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Black Lamb

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Now in its 14th year of publication, this magazine was created to offer the discerning reader a stimulating selection of excellent original writing. Black Lamb Review is a literate rather than a literary publication. Regular columns by writers in a variety of geographic locations and vocations are supplemented by features, reviews, articles on books and authors, and a selection of “departments,” including an acerbic advice column and a lamb recipe.

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Poet and model

June 1st, 2003

BY JEREMY DRISCOLL, O.S.B.

Czeslaw Milosz. I have long admired this Polish poet and essayist, and so I was greatly pleased when in 2001 a splendid selection of his essays was published under the title To Begin Where I Am. The same year also saw his New and Collected Poems (1931—2001). Born in 1911 in Szetejnie and raised in Wilno in present-day Lithuania, he was there in 1939 when the Soviets invaded, while Hitler simultaneously invaded Poland. He lived through the horrors of the war in Poland. miloszAfter the war, as part of the Polish intelligentsia, he tried to make a life for himself in his own nation and was part of the diplomatic core of Communist Poland’s postwar government. He was posted in Washington until 1951. In that year he defected to the West and lived in Paris in a Polish exile community for the next nine years. In 1960 he took a position at the University of California, Berkeley, as professor of Slavic literature. Since then he has lived and worked in the United States, spending half-years recently in Krakow. In 1980, at the age of seventy, he received the Nobel Prize for literature. He is still writing at the age of ninety-two.

It is not possible for me to express the importance of Milosz in my own life of thought without this barebones geographical summary of his life. He literally registered in his person virtually the whole of the twentieth century. And all the while he wrote poetry and essays that were profound and challenging meditations on our times.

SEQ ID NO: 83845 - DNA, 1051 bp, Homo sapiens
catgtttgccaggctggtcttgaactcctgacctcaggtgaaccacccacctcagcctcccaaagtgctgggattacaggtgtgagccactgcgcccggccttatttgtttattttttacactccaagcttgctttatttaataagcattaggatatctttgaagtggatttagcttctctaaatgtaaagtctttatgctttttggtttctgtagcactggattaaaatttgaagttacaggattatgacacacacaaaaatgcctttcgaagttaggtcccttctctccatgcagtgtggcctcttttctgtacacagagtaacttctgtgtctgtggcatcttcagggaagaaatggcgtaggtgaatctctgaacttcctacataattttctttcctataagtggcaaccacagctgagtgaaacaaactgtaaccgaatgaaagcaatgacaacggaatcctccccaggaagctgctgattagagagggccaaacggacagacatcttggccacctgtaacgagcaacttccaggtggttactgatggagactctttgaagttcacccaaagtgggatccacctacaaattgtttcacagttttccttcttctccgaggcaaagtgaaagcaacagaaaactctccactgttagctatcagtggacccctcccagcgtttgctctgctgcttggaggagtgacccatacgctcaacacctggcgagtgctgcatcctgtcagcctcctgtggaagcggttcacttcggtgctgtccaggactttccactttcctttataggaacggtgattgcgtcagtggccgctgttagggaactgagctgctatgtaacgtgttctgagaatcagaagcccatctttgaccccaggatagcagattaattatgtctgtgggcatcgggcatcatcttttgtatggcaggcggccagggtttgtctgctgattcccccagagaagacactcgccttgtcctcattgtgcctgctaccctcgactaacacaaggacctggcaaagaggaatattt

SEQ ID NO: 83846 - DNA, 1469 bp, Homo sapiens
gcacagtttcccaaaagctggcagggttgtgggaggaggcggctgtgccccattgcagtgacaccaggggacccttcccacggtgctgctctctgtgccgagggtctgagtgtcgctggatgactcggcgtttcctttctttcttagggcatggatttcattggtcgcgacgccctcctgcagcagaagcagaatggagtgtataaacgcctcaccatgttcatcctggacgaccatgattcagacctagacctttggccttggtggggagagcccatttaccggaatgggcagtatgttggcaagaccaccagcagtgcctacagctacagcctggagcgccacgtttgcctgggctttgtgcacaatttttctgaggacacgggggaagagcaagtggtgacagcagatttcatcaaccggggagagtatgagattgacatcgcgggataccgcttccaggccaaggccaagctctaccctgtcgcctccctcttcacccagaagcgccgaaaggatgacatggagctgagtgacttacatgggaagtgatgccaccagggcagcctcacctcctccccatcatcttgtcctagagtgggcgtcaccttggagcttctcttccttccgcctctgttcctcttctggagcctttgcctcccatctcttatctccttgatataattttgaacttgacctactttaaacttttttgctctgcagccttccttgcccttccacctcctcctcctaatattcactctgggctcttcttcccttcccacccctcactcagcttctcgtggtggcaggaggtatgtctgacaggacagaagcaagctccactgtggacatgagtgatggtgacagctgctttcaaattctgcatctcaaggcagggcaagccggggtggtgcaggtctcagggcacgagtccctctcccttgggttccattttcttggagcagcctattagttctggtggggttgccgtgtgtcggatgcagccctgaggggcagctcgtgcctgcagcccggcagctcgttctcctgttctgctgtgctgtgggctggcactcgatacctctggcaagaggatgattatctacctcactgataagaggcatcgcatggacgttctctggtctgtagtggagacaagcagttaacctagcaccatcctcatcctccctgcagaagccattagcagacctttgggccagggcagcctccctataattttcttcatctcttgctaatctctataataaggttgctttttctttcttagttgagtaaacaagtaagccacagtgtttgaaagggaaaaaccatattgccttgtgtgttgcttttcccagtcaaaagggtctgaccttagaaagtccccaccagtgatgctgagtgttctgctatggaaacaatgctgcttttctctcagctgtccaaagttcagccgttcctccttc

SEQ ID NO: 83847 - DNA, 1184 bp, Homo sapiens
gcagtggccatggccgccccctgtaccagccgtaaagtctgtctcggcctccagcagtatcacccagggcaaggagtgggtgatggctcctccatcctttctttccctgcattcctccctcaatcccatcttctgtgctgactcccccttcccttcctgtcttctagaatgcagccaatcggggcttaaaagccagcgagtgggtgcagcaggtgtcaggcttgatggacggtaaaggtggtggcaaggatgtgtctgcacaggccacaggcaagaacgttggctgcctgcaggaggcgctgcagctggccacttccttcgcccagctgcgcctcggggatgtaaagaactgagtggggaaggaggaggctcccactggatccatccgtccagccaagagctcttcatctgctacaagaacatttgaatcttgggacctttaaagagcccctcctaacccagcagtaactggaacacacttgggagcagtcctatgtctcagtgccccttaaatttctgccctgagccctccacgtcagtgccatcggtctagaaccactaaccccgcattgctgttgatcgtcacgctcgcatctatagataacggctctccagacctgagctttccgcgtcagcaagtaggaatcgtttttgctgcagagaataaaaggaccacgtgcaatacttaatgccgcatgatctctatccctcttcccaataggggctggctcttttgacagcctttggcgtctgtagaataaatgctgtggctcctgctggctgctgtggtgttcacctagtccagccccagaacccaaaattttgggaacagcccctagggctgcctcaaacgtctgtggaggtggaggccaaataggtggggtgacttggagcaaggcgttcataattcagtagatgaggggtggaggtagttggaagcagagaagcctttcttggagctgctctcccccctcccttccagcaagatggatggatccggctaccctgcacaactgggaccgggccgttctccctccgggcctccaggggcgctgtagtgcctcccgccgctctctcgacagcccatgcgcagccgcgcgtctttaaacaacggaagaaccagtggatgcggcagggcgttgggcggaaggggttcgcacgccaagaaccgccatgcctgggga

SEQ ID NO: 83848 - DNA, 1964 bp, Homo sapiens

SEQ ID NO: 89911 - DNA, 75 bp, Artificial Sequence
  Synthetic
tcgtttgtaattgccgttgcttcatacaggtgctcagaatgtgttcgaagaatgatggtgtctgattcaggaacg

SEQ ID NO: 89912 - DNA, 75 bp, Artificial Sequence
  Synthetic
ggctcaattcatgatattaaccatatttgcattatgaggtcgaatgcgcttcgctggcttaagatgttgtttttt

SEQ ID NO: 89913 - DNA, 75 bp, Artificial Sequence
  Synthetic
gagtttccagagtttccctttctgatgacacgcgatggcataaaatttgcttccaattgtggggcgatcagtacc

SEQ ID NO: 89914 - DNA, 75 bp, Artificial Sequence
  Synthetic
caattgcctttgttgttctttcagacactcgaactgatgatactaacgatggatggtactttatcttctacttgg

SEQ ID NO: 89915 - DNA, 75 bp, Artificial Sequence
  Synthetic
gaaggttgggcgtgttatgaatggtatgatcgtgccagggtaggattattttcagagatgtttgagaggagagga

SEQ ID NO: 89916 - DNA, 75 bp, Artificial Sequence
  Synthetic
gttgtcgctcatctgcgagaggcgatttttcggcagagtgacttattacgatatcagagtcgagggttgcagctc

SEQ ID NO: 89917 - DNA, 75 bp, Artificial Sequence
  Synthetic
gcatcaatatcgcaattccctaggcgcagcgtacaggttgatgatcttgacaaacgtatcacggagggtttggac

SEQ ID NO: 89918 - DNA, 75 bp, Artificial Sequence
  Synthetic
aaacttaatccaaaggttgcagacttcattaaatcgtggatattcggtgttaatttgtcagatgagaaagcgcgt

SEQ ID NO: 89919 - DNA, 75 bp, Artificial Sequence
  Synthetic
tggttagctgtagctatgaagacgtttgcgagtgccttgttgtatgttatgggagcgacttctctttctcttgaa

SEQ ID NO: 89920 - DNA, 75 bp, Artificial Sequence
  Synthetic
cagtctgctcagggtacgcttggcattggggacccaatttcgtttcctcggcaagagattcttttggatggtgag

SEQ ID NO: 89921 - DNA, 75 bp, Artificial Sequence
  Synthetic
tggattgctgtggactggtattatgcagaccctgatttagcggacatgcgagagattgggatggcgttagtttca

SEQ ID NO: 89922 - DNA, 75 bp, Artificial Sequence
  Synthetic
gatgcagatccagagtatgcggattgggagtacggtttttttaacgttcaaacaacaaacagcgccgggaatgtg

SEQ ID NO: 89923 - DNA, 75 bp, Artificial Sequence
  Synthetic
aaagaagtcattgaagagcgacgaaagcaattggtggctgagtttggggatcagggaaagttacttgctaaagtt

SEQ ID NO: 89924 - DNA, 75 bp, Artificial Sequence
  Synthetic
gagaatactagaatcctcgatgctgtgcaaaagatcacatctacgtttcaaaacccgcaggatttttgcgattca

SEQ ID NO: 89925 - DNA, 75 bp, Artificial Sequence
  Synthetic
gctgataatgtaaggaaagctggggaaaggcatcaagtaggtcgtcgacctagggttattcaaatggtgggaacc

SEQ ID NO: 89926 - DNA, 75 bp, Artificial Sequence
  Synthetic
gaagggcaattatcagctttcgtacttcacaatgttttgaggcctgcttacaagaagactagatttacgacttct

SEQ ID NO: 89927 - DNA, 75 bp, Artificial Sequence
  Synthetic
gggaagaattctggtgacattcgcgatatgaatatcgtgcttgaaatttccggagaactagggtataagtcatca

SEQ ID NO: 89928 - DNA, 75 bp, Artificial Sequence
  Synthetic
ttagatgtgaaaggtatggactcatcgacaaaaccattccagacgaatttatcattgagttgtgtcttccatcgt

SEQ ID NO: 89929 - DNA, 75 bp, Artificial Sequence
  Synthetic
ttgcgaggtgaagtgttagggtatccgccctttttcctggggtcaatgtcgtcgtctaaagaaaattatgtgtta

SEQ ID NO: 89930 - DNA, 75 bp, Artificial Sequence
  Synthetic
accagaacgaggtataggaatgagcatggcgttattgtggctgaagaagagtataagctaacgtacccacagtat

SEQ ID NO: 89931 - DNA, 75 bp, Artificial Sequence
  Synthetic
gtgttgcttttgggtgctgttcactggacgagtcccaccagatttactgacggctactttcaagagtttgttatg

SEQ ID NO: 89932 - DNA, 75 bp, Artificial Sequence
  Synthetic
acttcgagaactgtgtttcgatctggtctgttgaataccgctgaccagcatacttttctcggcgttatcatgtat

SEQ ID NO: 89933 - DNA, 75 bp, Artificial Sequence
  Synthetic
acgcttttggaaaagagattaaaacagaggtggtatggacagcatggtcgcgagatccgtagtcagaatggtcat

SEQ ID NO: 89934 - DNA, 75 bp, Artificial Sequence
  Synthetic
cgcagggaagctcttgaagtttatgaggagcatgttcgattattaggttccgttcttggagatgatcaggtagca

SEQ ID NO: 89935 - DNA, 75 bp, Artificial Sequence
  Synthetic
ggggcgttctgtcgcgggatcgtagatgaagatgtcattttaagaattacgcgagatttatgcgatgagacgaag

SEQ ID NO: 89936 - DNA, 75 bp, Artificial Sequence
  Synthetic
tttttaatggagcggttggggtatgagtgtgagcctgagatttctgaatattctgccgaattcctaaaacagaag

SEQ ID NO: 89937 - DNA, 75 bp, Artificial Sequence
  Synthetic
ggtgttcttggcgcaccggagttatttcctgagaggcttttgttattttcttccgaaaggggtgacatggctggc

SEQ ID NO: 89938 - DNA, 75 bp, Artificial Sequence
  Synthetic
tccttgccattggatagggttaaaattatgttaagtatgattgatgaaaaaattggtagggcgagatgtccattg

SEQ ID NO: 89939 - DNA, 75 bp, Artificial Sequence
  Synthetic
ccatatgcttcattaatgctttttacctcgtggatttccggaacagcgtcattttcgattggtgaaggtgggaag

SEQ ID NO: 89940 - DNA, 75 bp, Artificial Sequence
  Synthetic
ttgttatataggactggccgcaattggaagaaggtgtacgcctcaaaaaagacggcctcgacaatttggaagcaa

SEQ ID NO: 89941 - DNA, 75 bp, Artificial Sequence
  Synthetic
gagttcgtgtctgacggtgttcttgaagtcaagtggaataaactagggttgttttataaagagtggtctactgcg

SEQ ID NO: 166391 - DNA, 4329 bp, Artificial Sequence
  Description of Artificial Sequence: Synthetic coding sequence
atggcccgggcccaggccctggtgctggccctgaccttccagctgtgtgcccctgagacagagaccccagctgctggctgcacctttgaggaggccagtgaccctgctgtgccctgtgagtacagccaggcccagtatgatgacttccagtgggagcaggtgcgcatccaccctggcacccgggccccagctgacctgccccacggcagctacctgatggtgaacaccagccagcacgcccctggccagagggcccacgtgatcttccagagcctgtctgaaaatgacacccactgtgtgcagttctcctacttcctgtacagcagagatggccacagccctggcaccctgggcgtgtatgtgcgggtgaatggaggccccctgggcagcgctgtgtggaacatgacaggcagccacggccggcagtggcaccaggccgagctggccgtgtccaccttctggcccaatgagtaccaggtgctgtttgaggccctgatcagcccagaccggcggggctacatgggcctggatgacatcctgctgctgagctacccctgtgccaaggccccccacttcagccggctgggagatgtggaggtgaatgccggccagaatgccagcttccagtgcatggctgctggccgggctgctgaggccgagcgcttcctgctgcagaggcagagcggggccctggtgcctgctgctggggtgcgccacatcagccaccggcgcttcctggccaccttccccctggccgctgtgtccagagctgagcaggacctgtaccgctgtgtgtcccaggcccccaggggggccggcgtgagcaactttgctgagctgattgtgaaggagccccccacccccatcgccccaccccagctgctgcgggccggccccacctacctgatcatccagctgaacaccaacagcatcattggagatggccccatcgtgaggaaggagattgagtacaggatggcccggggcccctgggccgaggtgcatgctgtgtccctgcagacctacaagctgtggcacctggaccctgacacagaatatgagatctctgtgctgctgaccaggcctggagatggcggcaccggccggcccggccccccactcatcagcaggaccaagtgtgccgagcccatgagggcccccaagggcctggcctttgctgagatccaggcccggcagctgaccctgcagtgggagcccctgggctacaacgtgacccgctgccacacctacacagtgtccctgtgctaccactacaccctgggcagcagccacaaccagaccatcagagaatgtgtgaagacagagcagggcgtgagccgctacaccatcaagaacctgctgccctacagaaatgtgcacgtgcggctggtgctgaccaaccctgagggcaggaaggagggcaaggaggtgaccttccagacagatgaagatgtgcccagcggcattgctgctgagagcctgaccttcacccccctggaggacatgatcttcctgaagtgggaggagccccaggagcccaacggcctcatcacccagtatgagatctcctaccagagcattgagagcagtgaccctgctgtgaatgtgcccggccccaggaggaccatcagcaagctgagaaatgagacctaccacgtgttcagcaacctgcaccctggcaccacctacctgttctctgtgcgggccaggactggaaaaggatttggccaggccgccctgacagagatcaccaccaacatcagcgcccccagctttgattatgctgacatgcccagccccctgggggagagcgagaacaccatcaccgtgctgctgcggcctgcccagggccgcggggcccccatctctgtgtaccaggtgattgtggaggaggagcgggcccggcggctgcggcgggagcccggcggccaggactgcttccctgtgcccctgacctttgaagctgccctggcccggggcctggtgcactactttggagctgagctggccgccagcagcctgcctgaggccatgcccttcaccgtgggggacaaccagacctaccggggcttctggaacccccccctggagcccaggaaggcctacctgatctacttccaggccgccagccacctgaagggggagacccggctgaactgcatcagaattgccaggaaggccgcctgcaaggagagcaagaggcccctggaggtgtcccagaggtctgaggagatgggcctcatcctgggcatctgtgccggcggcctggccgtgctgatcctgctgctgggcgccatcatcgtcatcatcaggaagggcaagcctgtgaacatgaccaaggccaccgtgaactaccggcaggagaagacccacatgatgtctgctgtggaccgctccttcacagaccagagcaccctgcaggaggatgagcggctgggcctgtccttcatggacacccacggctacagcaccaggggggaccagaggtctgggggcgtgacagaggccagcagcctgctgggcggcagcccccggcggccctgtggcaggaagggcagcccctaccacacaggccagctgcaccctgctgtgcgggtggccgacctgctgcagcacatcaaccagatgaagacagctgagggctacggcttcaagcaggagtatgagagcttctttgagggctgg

He has been a model for me of something I want to do in my own life, even if on a lesser scale and with less talent. Milosz has sought to be a player in the culture of his times using the strong insights of his Catholic faith and its wisdoms. For decades he wrote without being explicit about this. He knew he had to weigh in with the best and hold his own by virtue of his craft. He succeeded in doing so, as the Nobel prize indicates. But in his old age he began to reflect more openly on what the role of his faith had been in his writing, and he used his acquired authority to express a protest. His protest gives me the courage to find ways of sharing what I so want to share as a player, however minor, in the culture of my times.

As an example of the sort of sally typical of Milosz, consider the following: “To write on literature or art was considered an honorable occupation, whereas any time notions taken from the language of religion appeared, the one who brought them up was immediately treated as lacking in tact, as if a silent pact had been broken. Yet I lived at a time when a huge change in the contents of the human imagination was occurring. In my lifetime Heaven and Hell disappeared, the belief in life after death was considerably weakened.” Later he concludes, “How could I not think of this? And is it not surprising that my preoccupation was a rare case?”

Milosz does not preach. He communicates a life formed by his faith. He has also struggled enormously with doubt in the face of the tremendous suffering he has seen and felt. He has the true poet’s gift for glorying in life’s countless little splendors. As one struggling beside the other members of his race, he says, “Ought I to try to explain ‘why I believe’? I don't think so. It should suffice if I attempt to convey the coloring or tone. If I believed that man could do good with his own powers, I would have no interest in Christianity. But he cannot, because he is enslaved to his own predatory, domineering instincts… Evil grows and bears fruit, which is understandable, because it has logic and probability on its side and also, of course, strength. The resistance of tiny kernels of good, to which no one grants the power of causing far-reaching consequences, is entirely mysterious, however. Such seeming nothingness not only lasts but contains within itself enormous energy which is revealed gradually. One can draw momentous conclusions from this.”

In expressing my admiration for Milosz, I am acknowledging how he helps me define my own project. I want to try to draw out the momentous conclusions found in “the resistance of tiny kernels of good.” •

Posted by: The Editors
Category: All Book Issue, Books and Authors, Driscoll | Link to this Entry

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